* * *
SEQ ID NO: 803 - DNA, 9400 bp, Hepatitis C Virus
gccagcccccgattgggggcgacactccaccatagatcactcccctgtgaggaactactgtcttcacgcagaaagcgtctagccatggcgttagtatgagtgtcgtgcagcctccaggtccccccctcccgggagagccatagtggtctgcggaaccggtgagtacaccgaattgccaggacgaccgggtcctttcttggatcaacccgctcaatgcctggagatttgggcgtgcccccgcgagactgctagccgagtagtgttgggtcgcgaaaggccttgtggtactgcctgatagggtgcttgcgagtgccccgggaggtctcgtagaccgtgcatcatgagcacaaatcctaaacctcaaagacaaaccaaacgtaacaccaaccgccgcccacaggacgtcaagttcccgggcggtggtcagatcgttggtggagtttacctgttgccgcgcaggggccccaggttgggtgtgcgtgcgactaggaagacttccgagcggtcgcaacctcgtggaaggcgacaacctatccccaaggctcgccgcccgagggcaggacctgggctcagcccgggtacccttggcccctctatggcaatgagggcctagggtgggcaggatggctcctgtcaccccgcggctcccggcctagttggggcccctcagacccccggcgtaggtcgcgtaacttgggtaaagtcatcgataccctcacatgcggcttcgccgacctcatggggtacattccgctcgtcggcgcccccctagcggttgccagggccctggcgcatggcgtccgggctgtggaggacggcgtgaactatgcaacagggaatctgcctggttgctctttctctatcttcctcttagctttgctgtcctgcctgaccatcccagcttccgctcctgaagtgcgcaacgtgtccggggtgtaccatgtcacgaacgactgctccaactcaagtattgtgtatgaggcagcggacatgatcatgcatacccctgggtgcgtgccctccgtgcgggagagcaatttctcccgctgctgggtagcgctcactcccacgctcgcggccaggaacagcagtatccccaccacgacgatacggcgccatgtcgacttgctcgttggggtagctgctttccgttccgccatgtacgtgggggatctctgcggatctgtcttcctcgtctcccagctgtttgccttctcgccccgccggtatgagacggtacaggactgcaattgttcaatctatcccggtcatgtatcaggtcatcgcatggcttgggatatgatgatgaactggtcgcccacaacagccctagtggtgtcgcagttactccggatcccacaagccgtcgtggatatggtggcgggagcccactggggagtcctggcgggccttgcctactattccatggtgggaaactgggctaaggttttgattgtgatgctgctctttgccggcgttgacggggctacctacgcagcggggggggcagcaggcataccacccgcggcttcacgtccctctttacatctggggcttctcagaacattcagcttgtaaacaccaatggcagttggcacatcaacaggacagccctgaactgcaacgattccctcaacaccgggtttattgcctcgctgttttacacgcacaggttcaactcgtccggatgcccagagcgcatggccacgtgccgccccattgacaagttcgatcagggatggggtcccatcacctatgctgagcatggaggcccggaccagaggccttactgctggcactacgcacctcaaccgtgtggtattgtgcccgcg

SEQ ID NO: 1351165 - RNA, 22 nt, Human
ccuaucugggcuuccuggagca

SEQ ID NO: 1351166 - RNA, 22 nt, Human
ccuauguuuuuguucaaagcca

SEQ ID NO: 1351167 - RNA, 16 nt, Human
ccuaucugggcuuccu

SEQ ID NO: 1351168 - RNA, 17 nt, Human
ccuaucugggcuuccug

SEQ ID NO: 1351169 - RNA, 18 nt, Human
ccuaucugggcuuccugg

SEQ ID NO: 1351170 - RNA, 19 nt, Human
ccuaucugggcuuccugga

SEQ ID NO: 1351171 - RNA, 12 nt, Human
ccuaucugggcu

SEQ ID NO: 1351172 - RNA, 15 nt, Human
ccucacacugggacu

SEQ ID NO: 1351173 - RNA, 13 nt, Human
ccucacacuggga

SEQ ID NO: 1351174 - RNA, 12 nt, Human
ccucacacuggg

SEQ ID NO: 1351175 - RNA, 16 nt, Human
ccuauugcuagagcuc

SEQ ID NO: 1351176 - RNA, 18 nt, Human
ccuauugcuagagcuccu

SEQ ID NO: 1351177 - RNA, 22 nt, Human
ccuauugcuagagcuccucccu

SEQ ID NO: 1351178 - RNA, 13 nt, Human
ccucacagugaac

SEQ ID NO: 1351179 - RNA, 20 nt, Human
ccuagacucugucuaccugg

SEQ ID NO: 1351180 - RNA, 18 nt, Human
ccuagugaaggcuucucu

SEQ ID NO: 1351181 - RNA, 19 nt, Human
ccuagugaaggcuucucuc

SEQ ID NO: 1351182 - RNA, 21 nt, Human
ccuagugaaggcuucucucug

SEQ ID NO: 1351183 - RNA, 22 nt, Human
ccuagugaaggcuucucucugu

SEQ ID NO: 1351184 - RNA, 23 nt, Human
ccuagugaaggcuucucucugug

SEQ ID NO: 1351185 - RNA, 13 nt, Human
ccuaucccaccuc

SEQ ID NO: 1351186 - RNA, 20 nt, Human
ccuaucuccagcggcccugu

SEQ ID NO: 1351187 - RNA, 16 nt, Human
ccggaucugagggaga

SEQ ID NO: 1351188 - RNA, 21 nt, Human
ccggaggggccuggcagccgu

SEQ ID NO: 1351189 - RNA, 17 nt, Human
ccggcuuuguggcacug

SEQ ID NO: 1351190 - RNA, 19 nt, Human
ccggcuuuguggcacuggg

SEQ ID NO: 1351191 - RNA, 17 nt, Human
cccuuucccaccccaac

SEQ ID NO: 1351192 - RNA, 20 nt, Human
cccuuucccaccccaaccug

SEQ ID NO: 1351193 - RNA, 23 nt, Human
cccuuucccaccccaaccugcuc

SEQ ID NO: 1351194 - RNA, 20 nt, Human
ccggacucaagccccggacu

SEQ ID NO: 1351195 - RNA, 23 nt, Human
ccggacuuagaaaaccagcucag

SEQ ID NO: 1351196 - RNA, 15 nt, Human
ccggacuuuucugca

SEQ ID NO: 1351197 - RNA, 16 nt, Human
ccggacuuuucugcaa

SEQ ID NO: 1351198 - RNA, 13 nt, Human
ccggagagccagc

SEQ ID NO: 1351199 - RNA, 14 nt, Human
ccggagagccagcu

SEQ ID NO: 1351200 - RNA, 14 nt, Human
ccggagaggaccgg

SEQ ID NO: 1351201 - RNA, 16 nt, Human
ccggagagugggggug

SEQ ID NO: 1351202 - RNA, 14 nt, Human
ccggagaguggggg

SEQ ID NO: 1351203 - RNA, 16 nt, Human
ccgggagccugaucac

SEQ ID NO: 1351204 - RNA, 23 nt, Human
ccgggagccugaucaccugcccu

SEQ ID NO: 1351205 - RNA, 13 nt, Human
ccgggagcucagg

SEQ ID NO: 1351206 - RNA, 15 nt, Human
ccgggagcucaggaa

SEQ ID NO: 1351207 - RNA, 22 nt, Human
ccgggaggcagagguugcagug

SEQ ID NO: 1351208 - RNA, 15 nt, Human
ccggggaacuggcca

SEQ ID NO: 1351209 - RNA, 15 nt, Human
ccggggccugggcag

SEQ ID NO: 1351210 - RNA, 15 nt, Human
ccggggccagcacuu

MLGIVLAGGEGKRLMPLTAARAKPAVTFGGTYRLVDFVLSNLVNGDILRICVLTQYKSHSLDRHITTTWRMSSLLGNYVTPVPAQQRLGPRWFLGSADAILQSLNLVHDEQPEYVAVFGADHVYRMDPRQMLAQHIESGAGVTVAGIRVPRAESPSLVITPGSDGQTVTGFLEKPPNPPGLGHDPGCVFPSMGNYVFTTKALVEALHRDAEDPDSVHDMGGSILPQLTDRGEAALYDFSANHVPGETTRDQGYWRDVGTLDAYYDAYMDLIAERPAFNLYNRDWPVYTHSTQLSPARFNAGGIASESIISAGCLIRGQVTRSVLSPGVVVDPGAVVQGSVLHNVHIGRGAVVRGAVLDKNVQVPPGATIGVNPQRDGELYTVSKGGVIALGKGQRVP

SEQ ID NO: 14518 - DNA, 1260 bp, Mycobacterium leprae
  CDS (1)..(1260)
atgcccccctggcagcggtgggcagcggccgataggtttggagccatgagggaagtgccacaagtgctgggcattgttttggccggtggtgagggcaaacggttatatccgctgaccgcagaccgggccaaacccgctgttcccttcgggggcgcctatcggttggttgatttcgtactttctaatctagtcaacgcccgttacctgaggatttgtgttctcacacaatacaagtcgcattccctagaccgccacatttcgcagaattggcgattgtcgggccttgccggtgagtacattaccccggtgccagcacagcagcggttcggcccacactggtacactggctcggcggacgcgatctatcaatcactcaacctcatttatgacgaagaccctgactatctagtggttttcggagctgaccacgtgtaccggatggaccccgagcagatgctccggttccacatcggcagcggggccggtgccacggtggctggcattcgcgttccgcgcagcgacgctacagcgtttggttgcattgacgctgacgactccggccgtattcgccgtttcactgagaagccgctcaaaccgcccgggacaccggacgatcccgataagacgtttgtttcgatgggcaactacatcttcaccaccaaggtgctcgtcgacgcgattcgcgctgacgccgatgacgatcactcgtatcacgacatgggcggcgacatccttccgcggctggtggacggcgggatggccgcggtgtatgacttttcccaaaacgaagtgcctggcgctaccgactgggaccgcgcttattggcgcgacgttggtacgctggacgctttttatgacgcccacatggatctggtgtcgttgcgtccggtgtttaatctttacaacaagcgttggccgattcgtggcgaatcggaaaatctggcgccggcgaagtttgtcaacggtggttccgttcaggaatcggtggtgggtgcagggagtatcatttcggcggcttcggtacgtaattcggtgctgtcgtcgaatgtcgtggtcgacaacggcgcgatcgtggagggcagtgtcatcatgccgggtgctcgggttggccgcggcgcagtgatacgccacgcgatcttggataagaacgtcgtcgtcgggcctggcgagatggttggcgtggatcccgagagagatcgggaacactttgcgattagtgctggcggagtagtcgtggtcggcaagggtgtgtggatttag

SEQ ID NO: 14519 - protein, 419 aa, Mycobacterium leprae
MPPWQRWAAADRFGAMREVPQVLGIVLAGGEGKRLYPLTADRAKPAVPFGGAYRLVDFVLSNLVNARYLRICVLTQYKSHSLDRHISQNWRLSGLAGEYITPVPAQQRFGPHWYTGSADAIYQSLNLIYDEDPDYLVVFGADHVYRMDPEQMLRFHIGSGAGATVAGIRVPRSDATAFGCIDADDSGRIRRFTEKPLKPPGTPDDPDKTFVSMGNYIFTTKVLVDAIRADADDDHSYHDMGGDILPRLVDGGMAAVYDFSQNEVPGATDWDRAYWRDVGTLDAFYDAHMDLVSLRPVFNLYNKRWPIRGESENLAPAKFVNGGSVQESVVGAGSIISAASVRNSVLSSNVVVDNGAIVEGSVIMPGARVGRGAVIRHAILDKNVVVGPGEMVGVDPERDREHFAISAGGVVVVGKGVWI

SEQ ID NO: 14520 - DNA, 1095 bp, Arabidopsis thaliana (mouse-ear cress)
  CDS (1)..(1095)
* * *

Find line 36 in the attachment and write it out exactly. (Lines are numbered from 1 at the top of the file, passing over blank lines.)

ccuagugaaggcuucucuc